Henry Villard - Quotes

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Senator Douglas was very small, not over four and a half feet height, and there was a noticeable disproportion between the long trunk of his body and his short legs. His chest was broad and indicated great strength of lungs. ---->>>

General Sherman looked upon journalists as a nuisance and a danger at headquarters and in the field, and acted toward them accordingly, then as throughout his great war career. ---->>>

I had not got over the prejudice against Lincoln with which my personal contact with him in 1858 imbued me. ---->>>

He surprised me by his familiarity with details of movements and battles which I did not suppose had come to his knowledge. As he kept me talking for over half an hour, I flattered myself that what I had to say interested him. ---->>>

Towards four o'clock, the rebels felt strong enough to take the offensive. A brigade with a battery under Earle managed to strike the Federal right on the flank and rear and throw it into utter confusion, which spread rapidly along the whole front. Now came the disastrous end. ---->>>

The curious defiled past him, after squeezing the Presidential fingers into the room, and settled either on the sofa or chairs or remained standing for protracted observations. ---->>>

He appeared every night, like myself, at about nine o'clock, in the office of Mr. Tyler, to learn the news brought in the night Associated Press report. He knew me from the Bull Run campaign as a correspondent of the press. ---->>>

No one felt it more than the President. I saw him repeatedly, and he fairly groaned at the inexplicable delay in the advent of help from the loyal States. ---->>>

There was nothing in all Douglas's powerful effort that appealed to the higher instincts of human nature, while Lincoln always touched sympathetic cords. Lincoln's speech excited and sustained the enthusiasm of his audience to the end. ---->>>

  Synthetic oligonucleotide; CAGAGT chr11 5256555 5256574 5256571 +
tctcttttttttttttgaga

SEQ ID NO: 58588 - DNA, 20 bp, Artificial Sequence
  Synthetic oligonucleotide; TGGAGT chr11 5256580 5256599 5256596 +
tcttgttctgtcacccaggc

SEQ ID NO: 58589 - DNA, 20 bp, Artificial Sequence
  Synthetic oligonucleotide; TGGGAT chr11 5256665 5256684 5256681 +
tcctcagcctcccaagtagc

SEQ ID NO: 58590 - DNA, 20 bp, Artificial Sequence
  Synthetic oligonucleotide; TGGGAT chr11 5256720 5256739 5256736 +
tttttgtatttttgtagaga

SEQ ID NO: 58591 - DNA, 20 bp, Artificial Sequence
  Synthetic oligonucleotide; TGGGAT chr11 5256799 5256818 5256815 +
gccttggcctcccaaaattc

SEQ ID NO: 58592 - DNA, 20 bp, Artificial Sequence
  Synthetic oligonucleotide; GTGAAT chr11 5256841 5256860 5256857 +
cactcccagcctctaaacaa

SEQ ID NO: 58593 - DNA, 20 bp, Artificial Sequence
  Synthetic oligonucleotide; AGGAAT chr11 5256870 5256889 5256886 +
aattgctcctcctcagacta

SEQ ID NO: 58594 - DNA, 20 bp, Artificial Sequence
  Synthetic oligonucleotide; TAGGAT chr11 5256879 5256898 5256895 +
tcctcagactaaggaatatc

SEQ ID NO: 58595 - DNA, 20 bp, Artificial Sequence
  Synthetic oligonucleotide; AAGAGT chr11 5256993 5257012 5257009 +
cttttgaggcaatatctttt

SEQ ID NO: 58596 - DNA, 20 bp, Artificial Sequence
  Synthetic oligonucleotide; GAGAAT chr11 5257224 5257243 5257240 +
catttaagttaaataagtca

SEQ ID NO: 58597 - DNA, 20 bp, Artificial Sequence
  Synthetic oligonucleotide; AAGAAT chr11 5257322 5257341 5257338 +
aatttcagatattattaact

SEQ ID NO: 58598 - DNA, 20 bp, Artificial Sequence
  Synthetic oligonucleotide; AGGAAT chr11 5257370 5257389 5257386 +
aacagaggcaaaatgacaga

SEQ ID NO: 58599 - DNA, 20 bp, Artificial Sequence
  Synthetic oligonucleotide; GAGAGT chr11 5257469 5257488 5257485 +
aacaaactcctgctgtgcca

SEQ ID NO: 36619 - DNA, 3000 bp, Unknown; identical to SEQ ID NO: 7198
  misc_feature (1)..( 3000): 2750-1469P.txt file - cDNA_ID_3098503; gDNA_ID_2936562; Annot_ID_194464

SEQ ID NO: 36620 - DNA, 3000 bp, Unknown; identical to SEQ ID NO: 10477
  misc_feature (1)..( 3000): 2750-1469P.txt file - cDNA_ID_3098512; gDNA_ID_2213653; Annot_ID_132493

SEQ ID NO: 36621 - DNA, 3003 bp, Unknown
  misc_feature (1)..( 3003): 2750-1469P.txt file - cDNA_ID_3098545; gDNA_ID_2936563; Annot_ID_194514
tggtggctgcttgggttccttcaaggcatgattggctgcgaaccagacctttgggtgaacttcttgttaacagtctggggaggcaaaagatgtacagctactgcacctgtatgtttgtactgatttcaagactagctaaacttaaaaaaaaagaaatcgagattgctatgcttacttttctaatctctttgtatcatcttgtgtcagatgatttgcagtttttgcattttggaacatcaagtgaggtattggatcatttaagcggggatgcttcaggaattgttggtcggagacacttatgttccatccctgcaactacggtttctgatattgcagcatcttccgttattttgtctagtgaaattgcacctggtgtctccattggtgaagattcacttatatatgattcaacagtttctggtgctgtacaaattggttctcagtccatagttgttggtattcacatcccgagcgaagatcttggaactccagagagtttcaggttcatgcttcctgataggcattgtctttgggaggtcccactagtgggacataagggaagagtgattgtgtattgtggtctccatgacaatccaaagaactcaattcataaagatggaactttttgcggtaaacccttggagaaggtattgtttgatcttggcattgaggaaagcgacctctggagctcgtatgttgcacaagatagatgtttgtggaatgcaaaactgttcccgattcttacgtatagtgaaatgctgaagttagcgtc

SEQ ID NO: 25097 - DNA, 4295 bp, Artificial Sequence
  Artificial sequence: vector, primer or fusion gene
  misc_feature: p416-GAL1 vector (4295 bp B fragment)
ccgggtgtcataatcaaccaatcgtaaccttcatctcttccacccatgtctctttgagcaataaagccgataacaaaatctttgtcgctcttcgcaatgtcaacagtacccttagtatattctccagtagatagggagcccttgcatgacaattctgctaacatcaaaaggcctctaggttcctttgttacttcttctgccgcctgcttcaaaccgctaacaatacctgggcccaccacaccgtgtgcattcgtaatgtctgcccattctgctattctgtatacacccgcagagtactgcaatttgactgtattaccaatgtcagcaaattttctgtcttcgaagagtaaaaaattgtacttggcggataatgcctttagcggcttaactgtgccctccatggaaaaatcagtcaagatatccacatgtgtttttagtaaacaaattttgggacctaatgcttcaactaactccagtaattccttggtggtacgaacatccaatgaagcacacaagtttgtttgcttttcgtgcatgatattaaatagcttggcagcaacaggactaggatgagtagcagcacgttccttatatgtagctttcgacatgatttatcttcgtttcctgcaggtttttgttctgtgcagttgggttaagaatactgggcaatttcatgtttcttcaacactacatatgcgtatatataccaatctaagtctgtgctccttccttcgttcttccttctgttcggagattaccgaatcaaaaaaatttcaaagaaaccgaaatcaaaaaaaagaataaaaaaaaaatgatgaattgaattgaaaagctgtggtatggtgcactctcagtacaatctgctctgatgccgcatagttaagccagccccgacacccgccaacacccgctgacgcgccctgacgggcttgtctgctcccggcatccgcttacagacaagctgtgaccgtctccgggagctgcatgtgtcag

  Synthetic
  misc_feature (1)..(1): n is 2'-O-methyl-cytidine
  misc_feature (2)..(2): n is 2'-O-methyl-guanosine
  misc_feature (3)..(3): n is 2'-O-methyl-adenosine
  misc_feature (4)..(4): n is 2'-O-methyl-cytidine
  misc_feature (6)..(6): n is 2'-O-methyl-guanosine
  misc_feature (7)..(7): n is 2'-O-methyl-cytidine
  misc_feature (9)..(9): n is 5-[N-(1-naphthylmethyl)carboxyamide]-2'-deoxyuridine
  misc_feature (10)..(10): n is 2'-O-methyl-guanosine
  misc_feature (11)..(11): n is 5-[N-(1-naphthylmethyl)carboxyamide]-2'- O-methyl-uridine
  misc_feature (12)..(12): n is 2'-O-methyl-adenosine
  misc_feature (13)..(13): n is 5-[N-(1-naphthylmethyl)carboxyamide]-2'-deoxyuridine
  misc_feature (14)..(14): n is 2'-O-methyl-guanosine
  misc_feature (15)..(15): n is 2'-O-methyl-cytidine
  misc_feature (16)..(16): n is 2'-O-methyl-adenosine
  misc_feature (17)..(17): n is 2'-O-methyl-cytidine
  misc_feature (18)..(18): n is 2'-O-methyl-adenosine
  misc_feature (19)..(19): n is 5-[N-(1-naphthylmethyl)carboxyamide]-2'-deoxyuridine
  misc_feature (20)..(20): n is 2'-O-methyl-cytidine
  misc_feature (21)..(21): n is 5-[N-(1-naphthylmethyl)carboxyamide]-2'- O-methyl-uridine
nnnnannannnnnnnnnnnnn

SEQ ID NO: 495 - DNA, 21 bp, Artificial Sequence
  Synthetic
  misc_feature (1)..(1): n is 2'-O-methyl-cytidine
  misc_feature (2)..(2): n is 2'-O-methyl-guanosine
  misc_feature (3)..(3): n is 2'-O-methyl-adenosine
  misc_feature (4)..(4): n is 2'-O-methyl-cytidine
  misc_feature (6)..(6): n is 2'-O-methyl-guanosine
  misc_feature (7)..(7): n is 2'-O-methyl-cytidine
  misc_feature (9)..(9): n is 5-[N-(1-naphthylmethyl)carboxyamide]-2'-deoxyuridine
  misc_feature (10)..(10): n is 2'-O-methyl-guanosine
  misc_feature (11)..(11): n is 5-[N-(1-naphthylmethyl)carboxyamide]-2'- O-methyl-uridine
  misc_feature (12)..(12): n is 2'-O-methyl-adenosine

Without any formal orders to retreat, what was left of the several organizations yielded to a general impulse to abandon the field. Officers and men became controlled by the one thought of getting as far as possible from the enemy. ---->>>

I therefore shared fully the intense chagrin of the New York and other State delegations when, on the third ballot, Abraham Lincoln received a larger vote than Seward. ---->>>

Biography

Henry Villard profile (henry-villard.jpg)
Nationality: American
Born: April 10, 1835
Birthplace:
Die: November 12, 1900
Occupation: Journalist
Website:

Henry Villard (April 10, 1835 – November 12, 1900) was an American journalist and financier who was an early president of the Northern Pacific Railway. Born and raised Ferdinand Heinrich Gustav Hilgard in the Rhenish Palatinate of the Kingdom of Bavaria, Villard clashed with his more conservative father over politics, and was sent to a semi-military academy in northeastern France (wikipedia)